On March 21-23, I attended a symposium, workshops, and strategy session of the Mobile Learning Week hosted by UNESCO in Paris. The focus of the week was leveraging the power of technology, specifically low-cost mobile technology, to help provide education in emergency situations. This was a great gathering of key players in refugee education, including the UNHCR, USAID, Unicef, UNESCO,, several universities, and many, many NGOs serving refugee populations.

The opening comments were truly inspiring words, from a refugee who participated in the Connected Learning higher education program in Kenya. Ella Ininahazwe from Rwanda said,

“The worst thing for a refugee is to not have education because that means things will only get worse. The refugee loses hope.”

“The quality of education that is available to refugees is not adequate.”

“They are surrounded by negative and hopeless thoughts. They don’t want to learn in these circumstances. That is what mobile education can do, help them see beyond where they are.”

The first breakout session I attended focused on higher education opportunities and research, largely in sub-Saharan African camps. It’s occurring to me that I should be considering that area for an initial location; the need is great and long-term there, and language would not be such an issue. Tertiary education was the place to start, not only to give people hopes for jobs, but also to create an incentive for kids to continue primary and secondary education. Some of the lessons learned for higher education apply to secondary as well. Here are some key points I will consider:

  1. Safety – can students get to the learning center? (not easy to predict).
  2. Communication more important than content (because content already exists) –
    Need to be able to adapt; get rid of huge complex platform and use a simple blog for conversations.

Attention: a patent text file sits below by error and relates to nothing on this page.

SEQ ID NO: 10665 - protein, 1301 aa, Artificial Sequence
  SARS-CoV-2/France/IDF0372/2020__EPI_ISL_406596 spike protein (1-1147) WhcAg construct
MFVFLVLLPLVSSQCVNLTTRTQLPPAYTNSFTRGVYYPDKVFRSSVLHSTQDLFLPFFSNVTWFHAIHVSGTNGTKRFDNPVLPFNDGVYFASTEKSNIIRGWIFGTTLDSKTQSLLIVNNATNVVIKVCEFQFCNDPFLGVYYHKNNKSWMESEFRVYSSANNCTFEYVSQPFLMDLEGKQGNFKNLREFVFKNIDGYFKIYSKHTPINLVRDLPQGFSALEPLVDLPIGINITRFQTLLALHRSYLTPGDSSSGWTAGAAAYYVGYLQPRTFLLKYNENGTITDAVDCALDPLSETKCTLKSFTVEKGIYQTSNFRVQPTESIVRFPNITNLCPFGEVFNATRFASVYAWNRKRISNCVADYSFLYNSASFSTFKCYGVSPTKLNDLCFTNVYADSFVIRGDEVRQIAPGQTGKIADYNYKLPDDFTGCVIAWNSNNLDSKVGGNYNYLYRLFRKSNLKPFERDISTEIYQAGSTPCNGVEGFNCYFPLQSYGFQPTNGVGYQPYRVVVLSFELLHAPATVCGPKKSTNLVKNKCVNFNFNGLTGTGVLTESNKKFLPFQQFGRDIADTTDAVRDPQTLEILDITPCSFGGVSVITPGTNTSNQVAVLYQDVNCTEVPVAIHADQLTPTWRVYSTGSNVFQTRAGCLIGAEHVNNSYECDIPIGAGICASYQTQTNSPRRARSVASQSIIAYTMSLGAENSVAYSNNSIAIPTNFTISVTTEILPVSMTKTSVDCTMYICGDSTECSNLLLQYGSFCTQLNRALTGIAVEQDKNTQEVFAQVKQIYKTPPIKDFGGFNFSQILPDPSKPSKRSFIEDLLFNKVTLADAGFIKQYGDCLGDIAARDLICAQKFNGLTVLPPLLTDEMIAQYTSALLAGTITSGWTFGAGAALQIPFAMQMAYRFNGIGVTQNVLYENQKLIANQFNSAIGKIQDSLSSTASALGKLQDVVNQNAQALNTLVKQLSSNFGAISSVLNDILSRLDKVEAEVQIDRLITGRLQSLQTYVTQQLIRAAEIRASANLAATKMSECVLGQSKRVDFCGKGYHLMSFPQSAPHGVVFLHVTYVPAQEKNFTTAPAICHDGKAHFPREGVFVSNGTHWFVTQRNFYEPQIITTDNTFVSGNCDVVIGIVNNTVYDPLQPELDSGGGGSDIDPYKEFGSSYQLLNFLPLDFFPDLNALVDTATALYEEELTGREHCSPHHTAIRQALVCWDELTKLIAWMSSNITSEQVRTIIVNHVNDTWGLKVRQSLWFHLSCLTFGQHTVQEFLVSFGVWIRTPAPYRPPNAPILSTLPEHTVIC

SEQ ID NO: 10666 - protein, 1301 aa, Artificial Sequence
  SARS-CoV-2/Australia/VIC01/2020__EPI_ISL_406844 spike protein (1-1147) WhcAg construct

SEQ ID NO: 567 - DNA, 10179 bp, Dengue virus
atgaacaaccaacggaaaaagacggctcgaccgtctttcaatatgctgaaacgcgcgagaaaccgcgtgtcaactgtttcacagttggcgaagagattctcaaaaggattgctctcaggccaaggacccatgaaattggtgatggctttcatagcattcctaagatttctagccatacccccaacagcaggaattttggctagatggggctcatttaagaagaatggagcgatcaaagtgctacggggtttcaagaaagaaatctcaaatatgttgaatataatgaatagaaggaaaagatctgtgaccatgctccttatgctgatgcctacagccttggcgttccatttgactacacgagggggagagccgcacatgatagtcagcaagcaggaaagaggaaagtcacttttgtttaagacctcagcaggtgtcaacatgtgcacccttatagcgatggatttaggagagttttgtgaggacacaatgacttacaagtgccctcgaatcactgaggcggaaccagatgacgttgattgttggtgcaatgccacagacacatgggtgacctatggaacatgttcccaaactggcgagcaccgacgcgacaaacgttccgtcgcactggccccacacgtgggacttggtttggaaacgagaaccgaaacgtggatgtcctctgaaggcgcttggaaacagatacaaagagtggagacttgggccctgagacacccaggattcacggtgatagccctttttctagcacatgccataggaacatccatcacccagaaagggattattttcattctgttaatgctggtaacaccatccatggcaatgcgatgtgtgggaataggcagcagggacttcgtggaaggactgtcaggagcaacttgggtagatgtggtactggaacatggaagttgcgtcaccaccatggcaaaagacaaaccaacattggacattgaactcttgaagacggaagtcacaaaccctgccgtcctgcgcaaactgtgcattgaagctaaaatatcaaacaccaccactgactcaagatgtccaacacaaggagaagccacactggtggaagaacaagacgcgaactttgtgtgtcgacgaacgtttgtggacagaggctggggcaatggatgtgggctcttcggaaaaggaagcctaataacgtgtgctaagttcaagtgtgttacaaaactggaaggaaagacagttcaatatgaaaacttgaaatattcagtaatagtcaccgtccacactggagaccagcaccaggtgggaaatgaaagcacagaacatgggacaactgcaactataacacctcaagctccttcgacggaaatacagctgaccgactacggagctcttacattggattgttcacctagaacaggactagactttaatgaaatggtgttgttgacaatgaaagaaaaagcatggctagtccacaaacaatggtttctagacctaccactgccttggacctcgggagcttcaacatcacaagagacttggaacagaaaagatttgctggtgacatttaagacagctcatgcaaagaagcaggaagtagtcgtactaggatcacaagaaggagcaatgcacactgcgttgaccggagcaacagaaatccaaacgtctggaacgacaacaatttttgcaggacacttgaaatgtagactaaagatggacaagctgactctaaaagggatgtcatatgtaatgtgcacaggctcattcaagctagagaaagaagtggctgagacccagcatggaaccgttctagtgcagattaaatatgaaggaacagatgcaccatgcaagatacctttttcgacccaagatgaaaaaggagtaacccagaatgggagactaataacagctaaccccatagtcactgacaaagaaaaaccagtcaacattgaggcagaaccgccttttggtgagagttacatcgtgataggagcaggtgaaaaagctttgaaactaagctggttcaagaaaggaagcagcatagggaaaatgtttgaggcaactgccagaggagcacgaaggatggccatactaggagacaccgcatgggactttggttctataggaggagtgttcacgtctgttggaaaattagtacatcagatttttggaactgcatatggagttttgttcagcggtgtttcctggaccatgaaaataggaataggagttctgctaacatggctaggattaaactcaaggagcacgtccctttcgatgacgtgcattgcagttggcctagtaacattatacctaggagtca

3. Internet is still a challenge. Blended learning cannot happen in places with unreliable internet.
  4. Immediacy is lacking in the blog, it still feels unconnected while you wait for a response – so use WhatsApp for conversations – kids will talk about hope and feel connected.
  5. Don’t do one-time workshops – need to do it over a period of time to get real outcomes.
  6. Important to build curriculum as you go – use learner contributions and feedback, too – bonus: more student buy-in.
  7. Technology is jut a piece of the puzzle, the person makes the difference.
  8. Steer away from schedules and deadlines.
  9. Need to train students and teachers who have not been exposed to computers.


The model seems to be that a company creates a platform/app/system and then they pass it on to a partner in the field who implements it. RPartners needs to find a partner, or this will not happen. This will be my primary focus for the next few weeks.

There is no one-size-fits all solution; every context is unique and requires a unique solution. That being said, we still learn from each other and share lessons learned and resources, and we should be linking our related solutions together. It could be that rPartners is an add-on to another existing program to supplement what is already in place.

Questions that arose:

What about the kids not motivated to learn, how do we reach them?

How do you make any of this sustainable? If it costs money now, it will always cost money. Can this be a crowd-sourced program?

Thanks for sticking with me this far! Your comments and suggestions are always welcome!